A Beginner’s Guide To… Wolf Parade
Another class band gets the full run through, this week it's Wolf Parade courtesy of Oobah Arthur Paul Butler
Who They Are
Wolf Parade are a Canadian art-rock, indie-rock, alternative rock, post-rock four-piece band. Formed in 2003 from shards of Frog Eyes and Atlas Strategic, they’re another by-product of the faith, respect and understanding shown to interesting, experimental music by the overwhelming Montreal music scene. The band’s principal song-writing is shared equally between Spencer Krug and Dan Boeckner, who possess vast tapestries of musical exploits. Boeckner is formerly of Atlas Strategic, Handsome Furs, and is currently enjoying success with his latest group Divine Fits, whilst Krug has been involved with Frog Eyes, Swan Lake, Sunset Rubdown, and most recently Moonface. Wolf Parade’s line-up is often described as equivocal, but the only changes come in the form of their utility man Hadji Bakara leaving in 2005 to achieve a PHD in Nuclear Thermodynamics, only to be replaced with Dante DeCaro, whilst hard-hitting drummer Arlen Thompson has been ever-present since their formation. Though currently on a hiatus, they have released three records to this date. Their first arrived in 2005 with ‘Apologies To The Queen Mary’, followed by ‘At Mount Zoomer’ in 2008 and, most recently, ‘Expo 86’ in 2010.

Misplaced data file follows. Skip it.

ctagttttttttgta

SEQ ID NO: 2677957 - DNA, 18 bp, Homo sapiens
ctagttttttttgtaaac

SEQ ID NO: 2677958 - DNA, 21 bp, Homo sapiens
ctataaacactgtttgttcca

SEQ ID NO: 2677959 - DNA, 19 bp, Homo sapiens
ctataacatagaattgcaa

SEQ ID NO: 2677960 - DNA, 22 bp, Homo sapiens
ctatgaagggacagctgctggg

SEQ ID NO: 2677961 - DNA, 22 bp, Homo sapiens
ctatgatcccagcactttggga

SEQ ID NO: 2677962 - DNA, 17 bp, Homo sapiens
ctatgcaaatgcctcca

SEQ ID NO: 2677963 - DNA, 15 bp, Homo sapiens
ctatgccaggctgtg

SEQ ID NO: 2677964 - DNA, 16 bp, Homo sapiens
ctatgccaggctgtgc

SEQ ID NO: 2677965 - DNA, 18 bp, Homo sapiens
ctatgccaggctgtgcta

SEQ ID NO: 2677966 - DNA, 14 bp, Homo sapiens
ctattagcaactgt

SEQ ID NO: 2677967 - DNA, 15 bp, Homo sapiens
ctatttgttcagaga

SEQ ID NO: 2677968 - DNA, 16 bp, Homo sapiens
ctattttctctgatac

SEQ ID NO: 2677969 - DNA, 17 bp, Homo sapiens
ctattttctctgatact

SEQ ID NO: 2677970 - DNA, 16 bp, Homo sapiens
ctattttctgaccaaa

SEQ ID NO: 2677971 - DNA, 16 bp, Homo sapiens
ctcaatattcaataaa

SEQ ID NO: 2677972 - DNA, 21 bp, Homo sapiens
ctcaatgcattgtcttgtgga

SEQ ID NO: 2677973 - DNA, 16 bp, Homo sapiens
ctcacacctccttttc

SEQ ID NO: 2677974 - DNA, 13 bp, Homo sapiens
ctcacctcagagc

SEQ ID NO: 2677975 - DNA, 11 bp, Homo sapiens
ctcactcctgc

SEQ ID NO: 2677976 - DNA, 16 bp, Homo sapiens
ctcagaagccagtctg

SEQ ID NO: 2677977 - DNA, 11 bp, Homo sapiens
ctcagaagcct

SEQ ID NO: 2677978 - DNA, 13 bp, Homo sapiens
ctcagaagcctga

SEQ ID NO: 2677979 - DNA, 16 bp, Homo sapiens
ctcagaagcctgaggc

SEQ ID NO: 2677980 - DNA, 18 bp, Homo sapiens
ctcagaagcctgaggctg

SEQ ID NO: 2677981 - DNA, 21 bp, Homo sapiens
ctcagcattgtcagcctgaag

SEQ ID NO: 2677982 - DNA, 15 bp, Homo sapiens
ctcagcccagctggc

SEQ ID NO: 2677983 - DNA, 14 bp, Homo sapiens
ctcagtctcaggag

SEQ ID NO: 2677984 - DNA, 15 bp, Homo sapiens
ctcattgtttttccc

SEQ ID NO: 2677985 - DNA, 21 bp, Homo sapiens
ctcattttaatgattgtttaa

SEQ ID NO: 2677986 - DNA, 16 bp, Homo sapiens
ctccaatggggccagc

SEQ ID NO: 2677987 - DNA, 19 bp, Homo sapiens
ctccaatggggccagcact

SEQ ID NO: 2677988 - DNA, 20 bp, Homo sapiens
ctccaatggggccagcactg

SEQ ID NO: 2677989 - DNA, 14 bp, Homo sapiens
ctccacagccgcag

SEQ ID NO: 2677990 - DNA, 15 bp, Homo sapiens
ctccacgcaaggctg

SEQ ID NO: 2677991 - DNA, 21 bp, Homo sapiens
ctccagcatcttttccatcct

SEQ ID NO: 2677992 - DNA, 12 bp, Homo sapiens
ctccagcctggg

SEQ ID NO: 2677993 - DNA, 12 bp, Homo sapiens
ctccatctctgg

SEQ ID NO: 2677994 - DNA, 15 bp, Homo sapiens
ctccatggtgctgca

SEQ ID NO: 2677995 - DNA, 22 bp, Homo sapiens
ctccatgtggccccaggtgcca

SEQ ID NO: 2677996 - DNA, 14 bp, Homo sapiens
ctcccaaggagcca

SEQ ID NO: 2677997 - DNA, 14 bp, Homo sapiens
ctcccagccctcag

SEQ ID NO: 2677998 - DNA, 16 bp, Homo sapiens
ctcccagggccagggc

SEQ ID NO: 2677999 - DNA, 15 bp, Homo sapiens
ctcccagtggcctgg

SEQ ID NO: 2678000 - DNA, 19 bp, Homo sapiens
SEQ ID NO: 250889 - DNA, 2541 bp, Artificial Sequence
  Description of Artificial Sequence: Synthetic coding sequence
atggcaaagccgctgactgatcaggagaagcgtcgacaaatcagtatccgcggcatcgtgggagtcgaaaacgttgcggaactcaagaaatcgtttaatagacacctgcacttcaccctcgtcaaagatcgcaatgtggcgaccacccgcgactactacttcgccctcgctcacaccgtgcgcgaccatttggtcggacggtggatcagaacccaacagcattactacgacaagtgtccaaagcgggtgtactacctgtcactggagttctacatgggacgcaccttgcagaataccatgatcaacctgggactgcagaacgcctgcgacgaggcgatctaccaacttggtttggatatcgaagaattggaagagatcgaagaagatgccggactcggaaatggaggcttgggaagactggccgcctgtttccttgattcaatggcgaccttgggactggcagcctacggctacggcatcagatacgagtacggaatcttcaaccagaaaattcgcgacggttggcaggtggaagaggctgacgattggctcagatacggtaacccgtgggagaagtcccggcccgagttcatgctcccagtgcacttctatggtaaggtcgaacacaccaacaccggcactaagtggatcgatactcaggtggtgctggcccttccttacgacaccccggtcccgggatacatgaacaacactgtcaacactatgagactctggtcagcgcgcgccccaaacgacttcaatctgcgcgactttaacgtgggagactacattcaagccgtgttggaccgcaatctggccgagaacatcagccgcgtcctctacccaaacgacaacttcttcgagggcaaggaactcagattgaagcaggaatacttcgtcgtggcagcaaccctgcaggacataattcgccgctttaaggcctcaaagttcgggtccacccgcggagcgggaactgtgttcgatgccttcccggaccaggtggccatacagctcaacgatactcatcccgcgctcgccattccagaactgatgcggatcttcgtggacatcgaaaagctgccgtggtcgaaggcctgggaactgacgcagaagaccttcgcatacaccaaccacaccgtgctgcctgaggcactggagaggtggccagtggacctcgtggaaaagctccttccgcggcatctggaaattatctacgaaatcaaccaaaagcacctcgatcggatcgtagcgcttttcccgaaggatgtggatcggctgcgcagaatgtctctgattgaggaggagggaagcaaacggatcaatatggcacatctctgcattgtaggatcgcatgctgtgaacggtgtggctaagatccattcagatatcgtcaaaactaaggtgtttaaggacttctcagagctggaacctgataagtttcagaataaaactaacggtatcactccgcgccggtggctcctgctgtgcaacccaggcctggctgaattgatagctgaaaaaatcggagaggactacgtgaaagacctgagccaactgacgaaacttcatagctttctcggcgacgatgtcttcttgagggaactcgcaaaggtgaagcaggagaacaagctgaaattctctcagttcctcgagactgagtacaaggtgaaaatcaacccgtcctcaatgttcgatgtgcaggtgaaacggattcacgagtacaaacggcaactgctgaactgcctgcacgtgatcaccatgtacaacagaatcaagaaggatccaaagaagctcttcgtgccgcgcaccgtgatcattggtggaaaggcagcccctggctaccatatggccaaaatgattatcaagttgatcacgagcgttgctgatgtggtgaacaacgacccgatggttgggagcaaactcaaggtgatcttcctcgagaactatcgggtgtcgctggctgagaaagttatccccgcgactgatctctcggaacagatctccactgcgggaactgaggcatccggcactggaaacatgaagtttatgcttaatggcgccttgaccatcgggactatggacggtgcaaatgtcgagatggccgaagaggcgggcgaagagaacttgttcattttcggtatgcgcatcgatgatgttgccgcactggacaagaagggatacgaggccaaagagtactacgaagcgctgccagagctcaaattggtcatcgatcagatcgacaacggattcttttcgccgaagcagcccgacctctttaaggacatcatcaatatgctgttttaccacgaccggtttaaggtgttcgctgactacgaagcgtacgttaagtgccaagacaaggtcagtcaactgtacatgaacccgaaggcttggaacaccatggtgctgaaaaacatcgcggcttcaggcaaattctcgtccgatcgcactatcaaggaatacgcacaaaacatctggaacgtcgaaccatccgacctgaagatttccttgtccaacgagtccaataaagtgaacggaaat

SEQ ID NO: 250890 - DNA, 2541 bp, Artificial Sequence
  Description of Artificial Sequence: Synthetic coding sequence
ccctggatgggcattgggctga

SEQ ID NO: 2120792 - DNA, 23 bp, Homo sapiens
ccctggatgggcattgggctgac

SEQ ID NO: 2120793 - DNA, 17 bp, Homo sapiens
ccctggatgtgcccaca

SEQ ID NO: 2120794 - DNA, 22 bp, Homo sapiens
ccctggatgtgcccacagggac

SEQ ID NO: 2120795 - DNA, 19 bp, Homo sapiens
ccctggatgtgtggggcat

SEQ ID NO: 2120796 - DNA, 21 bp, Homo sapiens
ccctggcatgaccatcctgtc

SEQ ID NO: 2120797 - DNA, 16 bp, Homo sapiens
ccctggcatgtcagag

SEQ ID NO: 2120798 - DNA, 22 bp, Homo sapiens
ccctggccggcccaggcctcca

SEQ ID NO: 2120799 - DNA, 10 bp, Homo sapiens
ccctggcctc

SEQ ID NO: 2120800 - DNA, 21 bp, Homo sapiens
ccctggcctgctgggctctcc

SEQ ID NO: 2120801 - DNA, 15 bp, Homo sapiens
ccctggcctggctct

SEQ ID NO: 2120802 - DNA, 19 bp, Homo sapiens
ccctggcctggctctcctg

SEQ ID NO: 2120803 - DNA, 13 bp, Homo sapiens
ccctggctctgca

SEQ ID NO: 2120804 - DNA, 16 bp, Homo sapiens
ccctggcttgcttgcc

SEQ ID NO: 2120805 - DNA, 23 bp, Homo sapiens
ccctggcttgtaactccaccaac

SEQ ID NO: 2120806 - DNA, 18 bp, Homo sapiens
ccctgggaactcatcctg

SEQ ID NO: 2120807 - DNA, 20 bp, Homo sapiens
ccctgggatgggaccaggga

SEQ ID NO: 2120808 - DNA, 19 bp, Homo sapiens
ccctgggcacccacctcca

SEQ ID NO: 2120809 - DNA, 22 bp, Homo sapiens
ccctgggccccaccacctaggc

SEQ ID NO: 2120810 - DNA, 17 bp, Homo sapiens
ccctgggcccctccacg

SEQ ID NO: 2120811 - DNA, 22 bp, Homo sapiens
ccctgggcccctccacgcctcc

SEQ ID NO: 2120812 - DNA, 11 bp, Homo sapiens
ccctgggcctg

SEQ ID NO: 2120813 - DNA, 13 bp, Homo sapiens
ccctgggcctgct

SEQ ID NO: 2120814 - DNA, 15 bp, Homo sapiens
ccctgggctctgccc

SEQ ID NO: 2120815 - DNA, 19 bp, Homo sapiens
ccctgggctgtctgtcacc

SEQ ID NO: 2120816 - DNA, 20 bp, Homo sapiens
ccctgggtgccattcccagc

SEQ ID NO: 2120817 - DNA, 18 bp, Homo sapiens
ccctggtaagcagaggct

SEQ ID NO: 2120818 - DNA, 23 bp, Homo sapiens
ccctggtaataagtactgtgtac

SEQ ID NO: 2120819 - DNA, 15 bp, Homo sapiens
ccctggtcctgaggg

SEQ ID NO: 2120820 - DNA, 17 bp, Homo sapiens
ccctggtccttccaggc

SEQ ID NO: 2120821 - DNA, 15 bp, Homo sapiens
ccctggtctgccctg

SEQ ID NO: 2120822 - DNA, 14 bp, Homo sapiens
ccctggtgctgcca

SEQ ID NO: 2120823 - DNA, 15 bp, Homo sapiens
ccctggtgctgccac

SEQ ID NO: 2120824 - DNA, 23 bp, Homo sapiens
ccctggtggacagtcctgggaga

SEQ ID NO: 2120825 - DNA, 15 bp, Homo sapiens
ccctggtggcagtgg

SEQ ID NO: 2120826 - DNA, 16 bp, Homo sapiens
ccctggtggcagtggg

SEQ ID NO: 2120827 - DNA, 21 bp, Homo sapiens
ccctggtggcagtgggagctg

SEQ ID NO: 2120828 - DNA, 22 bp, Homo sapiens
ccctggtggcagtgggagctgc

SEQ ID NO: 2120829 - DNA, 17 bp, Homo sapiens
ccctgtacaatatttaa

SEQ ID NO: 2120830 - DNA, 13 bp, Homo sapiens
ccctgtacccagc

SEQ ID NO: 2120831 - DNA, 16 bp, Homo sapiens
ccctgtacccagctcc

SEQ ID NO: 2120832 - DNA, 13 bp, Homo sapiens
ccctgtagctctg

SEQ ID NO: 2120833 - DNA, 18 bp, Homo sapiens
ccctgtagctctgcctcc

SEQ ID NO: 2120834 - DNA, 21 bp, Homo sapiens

Why You Should Love Them
Artistic depth, and honesty. The varying goals of both Boeckner’s and Krug’s distinguishable yet both volatile songs are enchanting; Boeckner often writes as frankly as his aspirations will allow him, and Krug juxtaposes him perfectly by layering metaphors and complex turns of phrase. Whilst the song-writing is quite clearly allied by Wolf Parade’s interesting idiosyncratic instrumentation, what I find remarkable is that their songs often resemble two different accounts of the same event: ‘Modern World’ and ‘Call It A Ritual’ work together as a good example. Drummer Arlen Thompson’s aggressive style is as poignant as anything else in this band; he creates a foundation of intent for songs which often dance on the line between genres. The band’s sound alone is typified by honesty. In conversation with Boeckner recently he explained that they “just wanted recordings of their songs that didn’t sound shitty” and that their approach really did consign all faith in their own strengths as a live act.
Their Best Album
Wolf Parade produce records of a concept nature; each has different ambitions. ‘Expo 86’ is their most cohesive record: it possesses some of their best songs that are defined by undertones of guilt, frustration and an undignified sadness. Album two, ‘At Mount Zoomer’ resembles a desert; raw waves of heat rise off of each defined idea, sketchy mountains on the horizon provide depth, and each component of song-writing bothers your skin aggressively or with subtlety, even at its sweetest. ‘Apologies To The Queen Mary’ is dark, varied, forthright, and my favourite. There’s an intelligence and aggression channelled into those early songs; from ‘Shine A Light’ to ‘Grounds For Divorce’ – their impact was like a cannon ball had hit me and got stuck inside. I went to bed feeling young and the next morning and I awoke in the full consciousness that I’m a twenty-something year old with nothing in front of me this side of the grave but the solace that “some folks float, some are buried alive”. Don’t worry, they’re too good to be depressing – listening to every Wolf Parade record is a fun, heartening, cathartic process.
Top Five Tracks
What Did My Lover Say (It Always Had To Go This Way)
We Built Another World
Fine Young Cannibals
In The Direction Of The Moon